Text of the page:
Earlier this week I gave the closing keynote address at Kable’s Information Security in the Public Sector conference in London. The subject, requested by Kable, was “Creating a Security Conscious Culture”. It’s another indication of the growing importance of human factors in today’s security and IT problem space. And it’s not just in user education. The key obstacles and enablers to aligning security with business goals, or in joining up Government IT, are politics, perception and relationship management.
A year or two ago there was much less interest in human factors. Today it’s the most requested topic for advice, research or presentations. The UK Technology Programme is investing millions of pounds in research in this area. Leading universities are building more human factors content into their courses. And sales of security education services are at an all time high. I’m already booked to give presentations on the subject next year in UK and USA.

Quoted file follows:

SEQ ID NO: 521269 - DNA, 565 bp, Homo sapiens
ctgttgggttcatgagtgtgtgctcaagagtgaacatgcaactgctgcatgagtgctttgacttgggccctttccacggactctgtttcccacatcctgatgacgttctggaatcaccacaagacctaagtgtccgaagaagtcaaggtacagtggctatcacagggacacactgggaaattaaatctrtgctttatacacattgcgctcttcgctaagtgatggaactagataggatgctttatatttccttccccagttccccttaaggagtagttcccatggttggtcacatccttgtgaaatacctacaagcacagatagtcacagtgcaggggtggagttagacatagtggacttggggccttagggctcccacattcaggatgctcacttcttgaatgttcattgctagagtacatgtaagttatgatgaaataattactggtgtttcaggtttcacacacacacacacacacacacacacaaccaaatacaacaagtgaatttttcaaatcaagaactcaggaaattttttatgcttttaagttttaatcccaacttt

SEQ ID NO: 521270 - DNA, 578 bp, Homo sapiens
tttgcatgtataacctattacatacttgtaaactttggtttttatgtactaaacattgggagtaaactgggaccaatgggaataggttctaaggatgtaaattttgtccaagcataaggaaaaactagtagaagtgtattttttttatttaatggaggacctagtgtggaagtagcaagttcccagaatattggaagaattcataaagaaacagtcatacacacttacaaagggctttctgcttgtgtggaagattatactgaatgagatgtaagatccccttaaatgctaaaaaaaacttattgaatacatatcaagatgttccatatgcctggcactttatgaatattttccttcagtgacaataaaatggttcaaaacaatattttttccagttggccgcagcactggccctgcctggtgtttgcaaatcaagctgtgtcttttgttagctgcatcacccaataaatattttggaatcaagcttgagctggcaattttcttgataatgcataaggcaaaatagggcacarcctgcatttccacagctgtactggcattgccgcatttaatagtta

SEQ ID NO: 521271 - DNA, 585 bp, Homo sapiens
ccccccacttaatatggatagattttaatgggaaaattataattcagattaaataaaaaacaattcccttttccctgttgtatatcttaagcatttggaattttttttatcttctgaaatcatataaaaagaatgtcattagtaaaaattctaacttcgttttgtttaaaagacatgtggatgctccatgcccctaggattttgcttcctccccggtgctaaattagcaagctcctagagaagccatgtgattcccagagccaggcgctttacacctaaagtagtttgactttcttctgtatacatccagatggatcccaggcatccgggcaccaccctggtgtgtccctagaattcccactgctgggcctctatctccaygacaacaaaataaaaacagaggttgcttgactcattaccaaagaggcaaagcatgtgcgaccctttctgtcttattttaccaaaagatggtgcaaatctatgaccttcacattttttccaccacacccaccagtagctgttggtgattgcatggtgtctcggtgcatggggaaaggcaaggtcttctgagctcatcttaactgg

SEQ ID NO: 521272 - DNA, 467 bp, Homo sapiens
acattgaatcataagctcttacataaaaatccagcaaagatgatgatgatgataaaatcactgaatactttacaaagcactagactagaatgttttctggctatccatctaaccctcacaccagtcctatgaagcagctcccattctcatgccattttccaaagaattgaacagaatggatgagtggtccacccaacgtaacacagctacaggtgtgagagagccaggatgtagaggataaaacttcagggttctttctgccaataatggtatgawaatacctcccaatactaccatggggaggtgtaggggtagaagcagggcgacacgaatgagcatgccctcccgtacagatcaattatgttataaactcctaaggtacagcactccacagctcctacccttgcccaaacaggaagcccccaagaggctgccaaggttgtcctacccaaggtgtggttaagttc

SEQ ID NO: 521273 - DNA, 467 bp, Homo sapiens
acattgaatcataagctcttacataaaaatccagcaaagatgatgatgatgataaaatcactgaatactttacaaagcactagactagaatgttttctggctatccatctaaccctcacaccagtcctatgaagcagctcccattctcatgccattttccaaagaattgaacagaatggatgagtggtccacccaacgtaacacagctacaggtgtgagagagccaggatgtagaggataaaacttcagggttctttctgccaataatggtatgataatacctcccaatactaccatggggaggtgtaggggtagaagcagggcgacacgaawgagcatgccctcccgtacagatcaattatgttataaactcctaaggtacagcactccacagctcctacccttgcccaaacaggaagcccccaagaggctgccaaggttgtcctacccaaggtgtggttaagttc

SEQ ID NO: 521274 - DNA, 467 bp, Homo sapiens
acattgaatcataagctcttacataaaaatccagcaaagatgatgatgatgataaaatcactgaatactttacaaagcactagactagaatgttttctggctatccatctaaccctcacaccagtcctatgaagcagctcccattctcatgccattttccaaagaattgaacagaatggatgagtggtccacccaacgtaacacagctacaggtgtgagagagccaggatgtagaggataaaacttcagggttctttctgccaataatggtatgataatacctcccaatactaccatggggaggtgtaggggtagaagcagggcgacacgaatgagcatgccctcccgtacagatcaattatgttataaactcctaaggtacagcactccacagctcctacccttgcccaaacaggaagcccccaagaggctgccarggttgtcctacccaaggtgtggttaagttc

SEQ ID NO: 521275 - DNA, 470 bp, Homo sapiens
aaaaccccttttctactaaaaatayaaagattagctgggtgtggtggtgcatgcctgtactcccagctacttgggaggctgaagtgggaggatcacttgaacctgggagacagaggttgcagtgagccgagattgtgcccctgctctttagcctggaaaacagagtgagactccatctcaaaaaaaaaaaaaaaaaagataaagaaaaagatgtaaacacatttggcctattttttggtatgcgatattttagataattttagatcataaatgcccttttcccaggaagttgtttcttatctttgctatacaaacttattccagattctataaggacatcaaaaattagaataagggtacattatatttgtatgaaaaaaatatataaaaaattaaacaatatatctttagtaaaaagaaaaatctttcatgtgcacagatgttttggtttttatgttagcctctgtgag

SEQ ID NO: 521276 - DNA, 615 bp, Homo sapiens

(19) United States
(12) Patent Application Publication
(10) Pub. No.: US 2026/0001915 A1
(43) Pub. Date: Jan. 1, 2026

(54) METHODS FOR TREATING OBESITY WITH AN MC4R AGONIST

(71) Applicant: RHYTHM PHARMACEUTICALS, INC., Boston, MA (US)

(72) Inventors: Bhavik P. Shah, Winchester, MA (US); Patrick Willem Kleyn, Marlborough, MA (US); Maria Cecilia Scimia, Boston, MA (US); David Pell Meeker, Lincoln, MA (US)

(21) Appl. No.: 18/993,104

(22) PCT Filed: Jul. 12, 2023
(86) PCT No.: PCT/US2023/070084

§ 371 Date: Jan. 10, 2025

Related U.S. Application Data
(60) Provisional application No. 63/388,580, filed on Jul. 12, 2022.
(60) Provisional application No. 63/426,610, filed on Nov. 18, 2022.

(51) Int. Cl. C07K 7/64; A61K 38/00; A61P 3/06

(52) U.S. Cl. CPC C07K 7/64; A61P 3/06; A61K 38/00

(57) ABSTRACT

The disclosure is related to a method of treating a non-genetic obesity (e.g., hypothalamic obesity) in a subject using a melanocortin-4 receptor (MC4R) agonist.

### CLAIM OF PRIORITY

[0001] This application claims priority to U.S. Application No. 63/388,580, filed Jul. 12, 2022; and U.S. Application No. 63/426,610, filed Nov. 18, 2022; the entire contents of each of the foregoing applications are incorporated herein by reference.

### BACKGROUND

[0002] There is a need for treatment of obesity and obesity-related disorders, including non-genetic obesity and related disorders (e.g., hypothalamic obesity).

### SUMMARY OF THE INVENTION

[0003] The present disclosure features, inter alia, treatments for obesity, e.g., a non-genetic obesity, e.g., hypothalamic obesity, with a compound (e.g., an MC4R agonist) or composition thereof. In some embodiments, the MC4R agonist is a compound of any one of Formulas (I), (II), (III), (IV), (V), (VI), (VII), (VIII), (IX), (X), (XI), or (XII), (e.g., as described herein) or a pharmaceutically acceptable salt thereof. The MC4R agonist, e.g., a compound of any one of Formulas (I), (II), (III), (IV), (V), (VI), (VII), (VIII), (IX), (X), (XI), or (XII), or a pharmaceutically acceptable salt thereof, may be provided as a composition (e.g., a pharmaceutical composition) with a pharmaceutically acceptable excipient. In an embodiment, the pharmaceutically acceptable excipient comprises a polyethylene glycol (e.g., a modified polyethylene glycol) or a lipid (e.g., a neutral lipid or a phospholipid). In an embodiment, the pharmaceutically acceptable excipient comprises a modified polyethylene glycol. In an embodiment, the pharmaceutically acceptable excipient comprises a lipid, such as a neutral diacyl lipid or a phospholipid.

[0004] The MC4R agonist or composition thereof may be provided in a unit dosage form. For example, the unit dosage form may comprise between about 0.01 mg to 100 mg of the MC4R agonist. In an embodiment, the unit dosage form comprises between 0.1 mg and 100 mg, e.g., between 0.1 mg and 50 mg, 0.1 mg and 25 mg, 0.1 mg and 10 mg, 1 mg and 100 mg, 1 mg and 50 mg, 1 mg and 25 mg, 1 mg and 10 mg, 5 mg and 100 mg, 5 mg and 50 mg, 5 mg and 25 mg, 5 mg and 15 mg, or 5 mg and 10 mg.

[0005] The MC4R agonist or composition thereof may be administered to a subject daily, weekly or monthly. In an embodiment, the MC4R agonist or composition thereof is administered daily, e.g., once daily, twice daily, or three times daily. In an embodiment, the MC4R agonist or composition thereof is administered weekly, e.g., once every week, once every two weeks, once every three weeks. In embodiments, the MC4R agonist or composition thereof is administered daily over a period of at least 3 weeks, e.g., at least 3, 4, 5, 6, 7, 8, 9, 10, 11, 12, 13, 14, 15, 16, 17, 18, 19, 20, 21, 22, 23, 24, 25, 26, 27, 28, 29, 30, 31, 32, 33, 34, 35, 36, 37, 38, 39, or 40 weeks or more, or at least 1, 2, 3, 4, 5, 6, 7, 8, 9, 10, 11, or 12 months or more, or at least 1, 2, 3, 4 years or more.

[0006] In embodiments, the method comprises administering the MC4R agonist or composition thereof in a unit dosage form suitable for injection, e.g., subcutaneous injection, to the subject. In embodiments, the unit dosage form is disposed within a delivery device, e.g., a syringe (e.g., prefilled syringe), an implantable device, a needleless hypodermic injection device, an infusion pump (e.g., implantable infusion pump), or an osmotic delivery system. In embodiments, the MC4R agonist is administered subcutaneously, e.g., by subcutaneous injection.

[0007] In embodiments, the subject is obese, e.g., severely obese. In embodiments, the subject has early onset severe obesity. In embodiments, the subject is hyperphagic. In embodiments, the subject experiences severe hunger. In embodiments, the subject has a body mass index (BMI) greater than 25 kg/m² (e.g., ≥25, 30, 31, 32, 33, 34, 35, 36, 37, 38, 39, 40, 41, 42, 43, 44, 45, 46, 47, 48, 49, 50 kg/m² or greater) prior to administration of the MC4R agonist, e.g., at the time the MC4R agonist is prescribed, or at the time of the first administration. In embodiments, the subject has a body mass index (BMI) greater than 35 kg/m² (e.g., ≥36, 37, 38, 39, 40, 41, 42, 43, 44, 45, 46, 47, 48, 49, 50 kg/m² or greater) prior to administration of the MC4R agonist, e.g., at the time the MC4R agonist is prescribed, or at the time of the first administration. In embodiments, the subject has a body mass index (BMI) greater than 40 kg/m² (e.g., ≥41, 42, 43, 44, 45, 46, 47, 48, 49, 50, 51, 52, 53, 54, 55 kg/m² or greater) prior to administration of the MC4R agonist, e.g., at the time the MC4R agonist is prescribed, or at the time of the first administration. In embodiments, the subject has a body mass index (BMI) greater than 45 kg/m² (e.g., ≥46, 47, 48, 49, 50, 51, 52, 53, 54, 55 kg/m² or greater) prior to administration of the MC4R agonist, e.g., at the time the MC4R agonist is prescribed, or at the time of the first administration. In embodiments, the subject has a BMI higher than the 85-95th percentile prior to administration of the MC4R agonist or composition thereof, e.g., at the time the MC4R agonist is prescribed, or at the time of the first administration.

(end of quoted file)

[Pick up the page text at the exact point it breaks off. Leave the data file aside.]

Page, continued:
Will this trend continue? Yes, it has a long way to go. The major obstacle at present is the shortfall of budget and resources assigned to the subject. It can take years for such vital enablers to catch up with the latest challenges. But there is a compelling business case because it reduces incidents and, more importantly, their associated costs. If your organisation is not spending at least 10% of its security budget on security awareness and behaviour change, then it’s probably got the balance wrong.